Charles Town leaders will soon have to decide on how to finance the sewer line to the former Jefferson Orchards site where Rockwool plans to build its second U.S. factory.

If Charles Town issues a bond to finance the construction of the sewer line, it will do see with zero-interest financing from the state of West Virginia.

If the city rejects that plan in an attempt to mollify those in the ToxicRockwool movement, the sewer line still will be put in – but the cost will be higher, an increase that will be borne by all the ratepayers in the system.

At the Charles Town City Council on Oct. 15, representatives from the Charles Town Utility Board clearly laid out the reality that CTUB cannot legally deny service to Rockwool.

Many in our community do not want Rockwool in Jefferson County. More than six months passed between November of last year, when local leaders and Rockwool officials announced the selection of the Ranson site for a stonewool manufacturing site, and July when opposition suddenly erupted – clearly many in the movement were not paying attention to local news at all – but the opposition is paying attention now, and they are vocal and committed to finding any way possible to keep Rockwool from opening its plant as scheduled in 2020.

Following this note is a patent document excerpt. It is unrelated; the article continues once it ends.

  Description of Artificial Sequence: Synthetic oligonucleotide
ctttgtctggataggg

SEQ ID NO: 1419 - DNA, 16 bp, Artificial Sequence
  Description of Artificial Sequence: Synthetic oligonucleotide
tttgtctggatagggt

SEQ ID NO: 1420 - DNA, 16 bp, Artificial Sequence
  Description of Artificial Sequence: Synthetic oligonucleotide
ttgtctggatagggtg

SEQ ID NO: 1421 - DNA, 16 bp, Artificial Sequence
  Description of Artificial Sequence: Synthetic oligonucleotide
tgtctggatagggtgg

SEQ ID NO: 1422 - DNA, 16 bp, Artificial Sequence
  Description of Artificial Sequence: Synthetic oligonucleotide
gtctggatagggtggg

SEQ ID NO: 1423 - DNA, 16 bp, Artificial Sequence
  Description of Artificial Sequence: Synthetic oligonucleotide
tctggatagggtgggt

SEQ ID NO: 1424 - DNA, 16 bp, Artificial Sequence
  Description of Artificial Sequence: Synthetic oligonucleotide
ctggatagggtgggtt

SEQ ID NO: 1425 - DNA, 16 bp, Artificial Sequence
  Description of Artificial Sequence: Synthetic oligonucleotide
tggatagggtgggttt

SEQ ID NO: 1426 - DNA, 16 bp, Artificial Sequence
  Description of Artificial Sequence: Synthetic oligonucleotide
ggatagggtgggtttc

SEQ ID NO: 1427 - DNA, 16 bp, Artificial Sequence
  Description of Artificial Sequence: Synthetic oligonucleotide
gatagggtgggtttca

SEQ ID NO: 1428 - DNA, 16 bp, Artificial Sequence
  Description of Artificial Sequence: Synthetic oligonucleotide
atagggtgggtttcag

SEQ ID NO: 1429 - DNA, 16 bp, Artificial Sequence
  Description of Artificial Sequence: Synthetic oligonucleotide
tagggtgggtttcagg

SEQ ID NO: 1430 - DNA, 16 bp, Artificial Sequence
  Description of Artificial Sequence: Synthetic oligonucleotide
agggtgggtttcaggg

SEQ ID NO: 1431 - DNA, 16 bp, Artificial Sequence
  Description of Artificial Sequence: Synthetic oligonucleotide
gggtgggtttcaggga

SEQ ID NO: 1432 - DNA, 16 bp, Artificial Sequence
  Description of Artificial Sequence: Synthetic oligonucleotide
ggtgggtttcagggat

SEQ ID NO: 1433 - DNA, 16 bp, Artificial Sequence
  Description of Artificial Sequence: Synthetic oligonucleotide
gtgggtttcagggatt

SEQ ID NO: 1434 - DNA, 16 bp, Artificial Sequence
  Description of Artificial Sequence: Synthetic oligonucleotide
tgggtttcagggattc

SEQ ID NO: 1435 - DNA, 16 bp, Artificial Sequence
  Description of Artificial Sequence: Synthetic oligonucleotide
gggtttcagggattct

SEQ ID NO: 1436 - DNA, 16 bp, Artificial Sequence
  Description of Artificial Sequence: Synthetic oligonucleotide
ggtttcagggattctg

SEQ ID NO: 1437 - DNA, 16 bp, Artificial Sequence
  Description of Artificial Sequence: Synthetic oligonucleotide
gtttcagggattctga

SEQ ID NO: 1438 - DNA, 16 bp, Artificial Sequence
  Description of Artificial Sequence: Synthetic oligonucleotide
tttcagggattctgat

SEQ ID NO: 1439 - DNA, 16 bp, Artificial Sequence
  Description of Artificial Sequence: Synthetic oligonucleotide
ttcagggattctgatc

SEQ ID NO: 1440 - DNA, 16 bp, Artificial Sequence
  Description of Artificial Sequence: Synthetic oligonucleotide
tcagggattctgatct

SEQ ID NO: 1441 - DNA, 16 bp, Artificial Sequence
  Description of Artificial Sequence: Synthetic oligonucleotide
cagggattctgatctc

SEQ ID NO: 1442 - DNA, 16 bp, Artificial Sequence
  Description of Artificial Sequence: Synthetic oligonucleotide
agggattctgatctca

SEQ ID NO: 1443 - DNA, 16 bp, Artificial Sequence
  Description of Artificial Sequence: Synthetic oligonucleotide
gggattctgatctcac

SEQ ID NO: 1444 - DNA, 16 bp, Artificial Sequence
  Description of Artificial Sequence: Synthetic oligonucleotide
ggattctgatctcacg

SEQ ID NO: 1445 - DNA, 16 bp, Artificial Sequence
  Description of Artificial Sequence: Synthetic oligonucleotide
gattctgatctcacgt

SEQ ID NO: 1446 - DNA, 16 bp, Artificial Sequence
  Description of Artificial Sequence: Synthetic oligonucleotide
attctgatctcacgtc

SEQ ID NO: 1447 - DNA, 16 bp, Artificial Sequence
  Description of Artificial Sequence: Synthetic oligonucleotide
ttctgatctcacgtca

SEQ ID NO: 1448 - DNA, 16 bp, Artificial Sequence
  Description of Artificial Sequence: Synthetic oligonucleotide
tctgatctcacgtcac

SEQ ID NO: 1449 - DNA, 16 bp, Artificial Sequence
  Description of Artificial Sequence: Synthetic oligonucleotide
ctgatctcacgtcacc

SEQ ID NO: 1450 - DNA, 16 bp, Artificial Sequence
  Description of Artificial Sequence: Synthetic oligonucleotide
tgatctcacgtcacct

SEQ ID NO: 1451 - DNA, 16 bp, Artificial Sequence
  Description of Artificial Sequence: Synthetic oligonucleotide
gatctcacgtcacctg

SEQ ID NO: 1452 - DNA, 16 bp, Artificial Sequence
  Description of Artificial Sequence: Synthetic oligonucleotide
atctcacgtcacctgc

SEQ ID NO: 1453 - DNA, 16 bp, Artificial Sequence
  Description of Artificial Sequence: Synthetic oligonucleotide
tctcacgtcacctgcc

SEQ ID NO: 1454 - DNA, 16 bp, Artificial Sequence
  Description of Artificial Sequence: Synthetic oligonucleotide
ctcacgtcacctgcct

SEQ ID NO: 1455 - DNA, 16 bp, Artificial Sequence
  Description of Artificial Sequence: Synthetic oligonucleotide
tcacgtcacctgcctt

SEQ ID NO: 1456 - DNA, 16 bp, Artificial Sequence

But despite the uproar, leaders in Charles Town should not ignore CTUB’s advice and vote against the West Virginia Infrastructure and Jobs Development Council’s offer of zero-interest financing.

If the city rejects the money, it will remain on the hook to construct the sewer line – just without being able to offset the anticipated operation and maintenance expenses of some $1.66 million against sewer revenues.

Should Rockwool have to finance the sewer line in another way, the city will not get to offset operation and maintenance costs and would end up making up for those costs by charging higher rates to Rockwool and every other customer. City leaders who have been won over by the anti-Rockwool arguments made by Jefferson County Vision and others are, of course, free to oppose the factory but voting against a legally mandated infrastructure project could bring a consequence no one wants – higher sewer rates for households here for decades to come. We urge those in positions of power to exercise great care in this decision.

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